Kyungsoo rubs at his face, stretching his cheeks left and right until his eyes bulge and Luhan laughs harder. “It’s not just Wufan-shii this time, Luhan-shii,” the receptionist says, agitated. “Like—the new people moving into the floor that was added last month have been complaining since every time they use the elevator, you and Minseok-shii—I—yeah.”
“Sure, sure,” Luhan says, playfully appeasing. “I’ll pass the message along and we’ll try to keep it in our pants.”
Kyungsoo doesn’t look convinced, but seems to let the matter slide. He pulls out a box from beneath the desk, finally, and hands it over to Luhan. “Here’s your package,” he says.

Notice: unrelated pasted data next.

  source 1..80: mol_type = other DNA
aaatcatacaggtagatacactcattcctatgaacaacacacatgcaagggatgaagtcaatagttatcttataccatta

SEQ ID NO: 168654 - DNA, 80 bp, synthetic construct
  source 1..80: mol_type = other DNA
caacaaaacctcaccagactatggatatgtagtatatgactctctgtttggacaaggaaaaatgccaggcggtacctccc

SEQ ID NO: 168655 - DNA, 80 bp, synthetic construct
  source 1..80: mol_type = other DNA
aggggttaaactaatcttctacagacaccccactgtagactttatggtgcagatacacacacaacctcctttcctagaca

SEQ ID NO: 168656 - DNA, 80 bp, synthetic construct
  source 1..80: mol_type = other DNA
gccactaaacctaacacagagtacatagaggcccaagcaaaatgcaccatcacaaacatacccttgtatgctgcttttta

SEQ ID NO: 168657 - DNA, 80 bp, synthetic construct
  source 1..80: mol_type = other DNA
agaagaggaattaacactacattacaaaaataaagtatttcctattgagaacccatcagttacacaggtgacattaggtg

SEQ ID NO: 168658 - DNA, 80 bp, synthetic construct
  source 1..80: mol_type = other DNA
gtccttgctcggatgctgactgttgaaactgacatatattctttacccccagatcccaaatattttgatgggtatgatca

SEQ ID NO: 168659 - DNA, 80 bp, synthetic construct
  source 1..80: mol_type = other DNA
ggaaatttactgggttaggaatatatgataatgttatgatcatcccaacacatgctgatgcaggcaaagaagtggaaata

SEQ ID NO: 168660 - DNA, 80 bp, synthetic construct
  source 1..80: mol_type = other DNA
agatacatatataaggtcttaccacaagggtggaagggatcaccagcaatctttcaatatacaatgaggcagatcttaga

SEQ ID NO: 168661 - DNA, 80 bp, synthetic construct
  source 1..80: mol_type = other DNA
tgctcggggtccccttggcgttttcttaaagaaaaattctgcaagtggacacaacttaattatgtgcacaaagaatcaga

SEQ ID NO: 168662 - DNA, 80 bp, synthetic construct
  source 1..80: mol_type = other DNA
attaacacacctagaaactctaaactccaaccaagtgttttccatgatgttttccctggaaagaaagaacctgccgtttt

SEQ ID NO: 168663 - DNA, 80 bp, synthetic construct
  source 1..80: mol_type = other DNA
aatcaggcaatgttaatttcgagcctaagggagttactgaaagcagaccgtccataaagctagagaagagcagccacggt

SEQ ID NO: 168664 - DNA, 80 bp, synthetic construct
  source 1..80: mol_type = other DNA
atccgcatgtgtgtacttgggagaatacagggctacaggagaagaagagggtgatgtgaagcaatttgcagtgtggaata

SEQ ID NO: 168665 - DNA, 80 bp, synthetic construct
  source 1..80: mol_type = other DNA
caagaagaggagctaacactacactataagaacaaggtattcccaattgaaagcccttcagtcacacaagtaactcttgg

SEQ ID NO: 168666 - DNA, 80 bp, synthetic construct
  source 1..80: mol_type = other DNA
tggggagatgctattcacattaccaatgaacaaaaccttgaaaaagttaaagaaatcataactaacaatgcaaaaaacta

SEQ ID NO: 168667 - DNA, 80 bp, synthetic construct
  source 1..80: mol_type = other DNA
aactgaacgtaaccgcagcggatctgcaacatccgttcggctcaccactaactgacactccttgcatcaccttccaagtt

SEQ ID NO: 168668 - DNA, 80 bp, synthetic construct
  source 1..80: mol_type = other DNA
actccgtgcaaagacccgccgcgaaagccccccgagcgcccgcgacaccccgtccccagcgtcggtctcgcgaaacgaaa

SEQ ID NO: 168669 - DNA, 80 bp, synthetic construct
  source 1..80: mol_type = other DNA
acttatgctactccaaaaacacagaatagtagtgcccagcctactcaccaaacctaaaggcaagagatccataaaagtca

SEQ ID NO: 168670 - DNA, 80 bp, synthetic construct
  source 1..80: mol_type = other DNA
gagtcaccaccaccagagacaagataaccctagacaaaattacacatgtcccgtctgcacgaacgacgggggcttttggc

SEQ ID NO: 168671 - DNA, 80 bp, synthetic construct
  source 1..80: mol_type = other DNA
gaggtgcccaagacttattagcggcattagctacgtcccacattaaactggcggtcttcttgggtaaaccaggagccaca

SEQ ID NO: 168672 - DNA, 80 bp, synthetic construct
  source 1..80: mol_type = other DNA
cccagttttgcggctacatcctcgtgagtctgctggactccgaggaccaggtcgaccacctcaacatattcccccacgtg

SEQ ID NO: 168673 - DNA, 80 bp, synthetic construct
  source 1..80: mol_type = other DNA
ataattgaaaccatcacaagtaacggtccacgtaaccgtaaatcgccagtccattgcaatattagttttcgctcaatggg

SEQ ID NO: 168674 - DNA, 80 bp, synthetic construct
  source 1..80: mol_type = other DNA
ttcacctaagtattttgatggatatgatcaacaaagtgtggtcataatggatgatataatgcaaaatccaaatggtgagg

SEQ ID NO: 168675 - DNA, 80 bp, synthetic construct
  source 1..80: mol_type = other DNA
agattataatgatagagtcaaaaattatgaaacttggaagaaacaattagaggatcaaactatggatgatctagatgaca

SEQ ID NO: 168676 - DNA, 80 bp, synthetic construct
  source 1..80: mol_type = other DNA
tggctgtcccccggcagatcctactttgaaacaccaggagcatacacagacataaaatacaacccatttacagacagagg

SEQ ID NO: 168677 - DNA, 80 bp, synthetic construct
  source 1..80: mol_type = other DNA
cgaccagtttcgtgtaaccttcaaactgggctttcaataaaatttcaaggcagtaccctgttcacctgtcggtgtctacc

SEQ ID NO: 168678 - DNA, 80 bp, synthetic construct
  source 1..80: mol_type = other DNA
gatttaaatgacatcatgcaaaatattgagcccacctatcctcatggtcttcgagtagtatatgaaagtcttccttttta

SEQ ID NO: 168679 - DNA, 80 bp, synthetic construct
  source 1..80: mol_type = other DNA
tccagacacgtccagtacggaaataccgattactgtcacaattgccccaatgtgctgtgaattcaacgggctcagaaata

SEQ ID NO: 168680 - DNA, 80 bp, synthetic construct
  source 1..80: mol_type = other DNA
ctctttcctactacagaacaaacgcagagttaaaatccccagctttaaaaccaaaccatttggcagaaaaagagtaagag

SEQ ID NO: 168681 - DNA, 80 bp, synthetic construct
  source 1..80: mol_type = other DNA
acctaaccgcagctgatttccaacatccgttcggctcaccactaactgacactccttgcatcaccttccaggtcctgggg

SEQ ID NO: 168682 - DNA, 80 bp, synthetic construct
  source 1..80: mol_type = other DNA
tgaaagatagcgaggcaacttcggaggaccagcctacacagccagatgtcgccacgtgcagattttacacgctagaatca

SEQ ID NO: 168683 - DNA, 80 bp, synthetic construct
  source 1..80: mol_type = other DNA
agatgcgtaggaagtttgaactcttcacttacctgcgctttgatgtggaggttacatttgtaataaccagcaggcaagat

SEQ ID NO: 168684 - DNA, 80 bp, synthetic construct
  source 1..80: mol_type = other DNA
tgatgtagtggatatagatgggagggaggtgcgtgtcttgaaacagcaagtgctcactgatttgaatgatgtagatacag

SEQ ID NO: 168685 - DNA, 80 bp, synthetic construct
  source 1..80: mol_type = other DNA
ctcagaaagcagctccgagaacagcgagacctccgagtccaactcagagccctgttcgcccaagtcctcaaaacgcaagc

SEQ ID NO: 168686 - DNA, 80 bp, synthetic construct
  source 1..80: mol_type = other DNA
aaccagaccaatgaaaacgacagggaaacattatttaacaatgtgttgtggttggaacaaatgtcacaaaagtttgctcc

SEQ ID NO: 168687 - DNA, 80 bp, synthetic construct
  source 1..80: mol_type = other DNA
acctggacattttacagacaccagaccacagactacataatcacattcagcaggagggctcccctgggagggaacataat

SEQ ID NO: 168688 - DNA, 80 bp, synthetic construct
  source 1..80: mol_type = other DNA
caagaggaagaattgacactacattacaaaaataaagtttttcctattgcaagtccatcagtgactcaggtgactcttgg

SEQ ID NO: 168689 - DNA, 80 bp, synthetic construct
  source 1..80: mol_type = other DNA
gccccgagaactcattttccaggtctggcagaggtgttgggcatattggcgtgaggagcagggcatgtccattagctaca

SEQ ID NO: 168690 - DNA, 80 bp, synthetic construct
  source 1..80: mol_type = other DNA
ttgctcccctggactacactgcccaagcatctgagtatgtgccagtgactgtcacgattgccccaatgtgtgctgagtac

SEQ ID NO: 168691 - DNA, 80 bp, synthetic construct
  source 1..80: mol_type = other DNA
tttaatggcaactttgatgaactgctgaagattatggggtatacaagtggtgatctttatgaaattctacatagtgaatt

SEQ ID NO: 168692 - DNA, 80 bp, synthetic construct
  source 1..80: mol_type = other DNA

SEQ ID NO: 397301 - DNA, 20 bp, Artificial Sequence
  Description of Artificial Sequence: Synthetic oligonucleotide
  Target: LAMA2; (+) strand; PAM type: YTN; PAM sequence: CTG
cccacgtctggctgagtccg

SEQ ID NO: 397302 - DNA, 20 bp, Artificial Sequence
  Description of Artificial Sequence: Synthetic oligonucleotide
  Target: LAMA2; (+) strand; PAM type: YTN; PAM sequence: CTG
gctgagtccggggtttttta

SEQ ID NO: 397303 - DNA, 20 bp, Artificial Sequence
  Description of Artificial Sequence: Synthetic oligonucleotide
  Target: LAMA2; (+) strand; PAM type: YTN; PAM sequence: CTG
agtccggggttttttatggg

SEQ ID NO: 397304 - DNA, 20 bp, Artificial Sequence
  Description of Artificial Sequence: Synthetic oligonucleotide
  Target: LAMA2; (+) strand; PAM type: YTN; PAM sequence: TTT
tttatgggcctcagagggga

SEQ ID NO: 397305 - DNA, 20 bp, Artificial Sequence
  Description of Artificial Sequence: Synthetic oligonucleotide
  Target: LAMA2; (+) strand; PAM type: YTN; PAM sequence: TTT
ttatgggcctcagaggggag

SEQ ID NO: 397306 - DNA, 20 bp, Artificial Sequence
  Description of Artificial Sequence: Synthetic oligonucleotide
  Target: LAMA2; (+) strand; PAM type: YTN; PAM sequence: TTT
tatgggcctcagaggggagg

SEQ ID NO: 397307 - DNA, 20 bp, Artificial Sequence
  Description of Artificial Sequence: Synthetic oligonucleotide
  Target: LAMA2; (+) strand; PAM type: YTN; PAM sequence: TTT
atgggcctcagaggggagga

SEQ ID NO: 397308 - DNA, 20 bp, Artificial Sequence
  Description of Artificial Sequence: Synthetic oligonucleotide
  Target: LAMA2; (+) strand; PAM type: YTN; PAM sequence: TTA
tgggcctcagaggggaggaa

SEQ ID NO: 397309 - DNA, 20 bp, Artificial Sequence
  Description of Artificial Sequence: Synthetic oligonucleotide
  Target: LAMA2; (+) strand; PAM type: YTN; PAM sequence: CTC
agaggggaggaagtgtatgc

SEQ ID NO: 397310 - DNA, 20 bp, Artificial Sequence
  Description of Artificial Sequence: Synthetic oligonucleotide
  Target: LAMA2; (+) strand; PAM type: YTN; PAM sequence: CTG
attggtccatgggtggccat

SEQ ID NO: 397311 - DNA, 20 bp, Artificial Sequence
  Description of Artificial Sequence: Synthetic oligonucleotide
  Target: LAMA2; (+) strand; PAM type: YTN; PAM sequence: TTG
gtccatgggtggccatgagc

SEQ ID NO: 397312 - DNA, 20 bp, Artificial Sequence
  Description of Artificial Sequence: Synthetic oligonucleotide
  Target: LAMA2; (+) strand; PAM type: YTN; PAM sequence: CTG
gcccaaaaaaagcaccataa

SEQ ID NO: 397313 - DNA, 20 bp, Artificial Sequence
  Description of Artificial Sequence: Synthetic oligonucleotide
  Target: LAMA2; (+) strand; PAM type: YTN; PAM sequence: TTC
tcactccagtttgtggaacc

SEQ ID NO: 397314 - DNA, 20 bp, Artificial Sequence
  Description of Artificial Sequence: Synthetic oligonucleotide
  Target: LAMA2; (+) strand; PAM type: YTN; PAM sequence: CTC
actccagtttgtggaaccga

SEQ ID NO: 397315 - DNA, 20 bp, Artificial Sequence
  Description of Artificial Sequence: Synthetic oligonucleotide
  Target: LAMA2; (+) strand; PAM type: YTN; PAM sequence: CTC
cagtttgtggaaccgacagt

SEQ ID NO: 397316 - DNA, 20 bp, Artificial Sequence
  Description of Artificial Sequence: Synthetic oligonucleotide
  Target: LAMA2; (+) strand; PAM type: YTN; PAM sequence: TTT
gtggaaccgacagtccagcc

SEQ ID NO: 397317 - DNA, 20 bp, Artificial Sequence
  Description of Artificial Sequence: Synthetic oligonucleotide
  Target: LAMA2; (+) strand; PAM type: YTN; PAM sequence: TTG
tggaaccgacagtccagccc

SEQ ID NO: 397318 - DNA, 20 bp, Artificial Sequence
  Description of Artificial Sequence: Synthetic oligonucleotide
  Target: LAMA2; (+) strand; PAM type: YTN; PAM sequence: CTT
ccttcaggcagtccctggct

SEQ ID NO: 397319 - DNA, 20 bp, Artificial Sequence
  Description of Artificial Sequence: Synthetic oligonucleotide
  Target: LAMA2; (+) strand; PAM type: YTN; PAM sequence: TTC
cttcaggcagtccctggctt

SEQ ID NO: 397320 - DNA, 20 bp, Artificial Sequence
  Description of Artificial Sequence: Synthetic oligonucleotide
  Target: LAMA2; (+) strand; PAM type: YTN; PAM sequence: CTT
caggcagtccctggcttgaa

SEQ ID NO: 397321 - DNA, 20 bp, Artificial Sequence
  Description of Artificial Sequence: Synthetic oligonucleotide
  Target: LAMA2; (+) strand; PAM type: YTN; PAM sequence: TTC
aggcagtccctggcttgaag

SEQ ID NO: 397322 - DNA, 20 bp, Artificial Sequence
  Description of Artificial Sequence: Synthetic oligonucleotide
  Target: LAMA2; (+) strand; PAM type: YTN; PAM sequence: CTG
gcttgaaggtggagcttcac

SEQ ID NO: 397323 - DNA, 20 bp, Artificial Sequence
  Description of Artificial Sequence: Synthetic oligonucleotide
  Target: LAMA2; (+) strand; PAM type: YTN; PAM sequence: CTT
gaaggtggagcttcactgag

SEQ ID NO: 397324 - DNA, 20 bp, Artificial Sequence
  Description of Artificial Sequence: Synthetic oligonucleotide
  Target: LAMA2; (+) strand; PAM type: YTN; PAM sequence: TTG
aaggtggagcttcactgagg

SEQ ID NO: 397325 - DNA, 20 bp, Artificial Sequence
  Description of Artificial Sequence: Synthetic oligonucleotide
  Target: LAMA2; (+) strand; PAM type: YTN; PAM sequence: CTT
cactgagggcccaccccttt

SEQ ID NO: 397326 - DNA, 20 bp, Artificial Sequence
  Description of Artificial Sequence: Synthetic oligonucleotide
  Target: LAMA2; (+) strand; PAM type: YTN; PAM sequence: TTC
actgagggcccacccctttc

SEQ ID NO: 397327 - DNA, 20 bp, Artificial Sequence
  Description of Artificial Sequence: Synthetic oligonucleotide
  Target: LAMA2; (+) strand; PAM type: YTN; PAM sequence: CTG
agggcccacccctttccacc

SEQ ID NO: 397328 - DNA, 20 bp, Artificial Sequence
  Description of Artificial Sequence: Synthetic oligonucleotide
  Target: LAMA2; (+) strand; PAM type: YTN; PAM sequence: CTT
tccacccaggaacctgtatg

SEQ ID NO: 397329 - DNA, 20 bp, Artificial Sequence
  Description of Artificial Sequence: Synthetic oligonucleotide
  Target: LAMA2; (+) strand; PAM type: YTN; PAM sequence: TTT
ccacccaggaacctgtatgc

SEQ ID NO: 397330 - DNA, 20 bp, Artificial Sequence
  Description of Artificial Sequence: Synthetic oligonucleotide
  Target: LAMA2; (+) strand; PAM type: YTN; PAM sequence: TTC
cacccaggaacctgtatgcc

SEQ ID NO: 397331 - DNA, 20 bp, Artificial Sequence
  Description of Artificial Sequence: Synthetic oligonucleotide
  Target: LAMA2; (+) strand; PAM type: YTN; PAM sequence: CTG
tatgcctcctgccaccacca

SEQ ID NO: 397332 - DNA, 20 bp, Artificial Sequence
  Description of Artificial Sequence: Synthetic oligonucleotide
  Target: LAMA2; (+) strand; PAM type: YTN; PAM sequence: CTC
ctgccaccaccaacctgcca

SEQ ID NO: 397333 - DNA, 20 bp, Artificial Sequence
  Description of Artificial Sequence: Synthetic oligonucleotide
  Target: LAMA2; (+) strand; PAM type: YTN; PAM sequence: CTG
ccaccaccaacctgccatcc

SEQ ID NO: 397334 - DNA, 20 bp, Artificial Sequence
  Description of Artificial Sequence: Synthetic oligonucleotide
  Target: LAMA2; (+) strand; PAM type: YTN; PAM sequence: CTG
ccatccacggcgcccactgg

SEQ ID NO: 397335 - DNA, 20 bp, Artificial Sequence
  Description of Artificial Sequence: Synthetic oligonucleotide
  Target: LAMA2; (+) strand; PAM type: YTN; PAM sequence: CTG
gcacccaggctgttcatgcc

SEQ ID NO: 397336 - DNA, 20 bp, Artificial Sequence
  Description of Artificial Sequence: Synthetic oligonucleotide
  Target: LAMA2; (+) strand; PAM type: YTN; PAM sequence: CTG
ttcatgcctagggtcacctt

Luhan grins, because Zitao always knows what Luhan misses best from their home country, and the younger man usually always includes pictures of what he’s been up to while Luhan’s away—along with pictures of Luhan’s parents and news of how they’re doing, and sometimes even letters that the phone calls can’t replace (Luhan also usually uses the food Zitao sends over as bribes for Yixing and Wufan).
The translator is about to ask Kyungsoo how much shipping rates have gone up when Kim Jongin of 1217 sidles up next to Luhan and looks at the package curiously. “From China?” Jongin asks, blinking.
“Yup,” Luhan smiles. “My dongsaeng sent it,” he says, “he’s going to move here next month so he can go to the university.”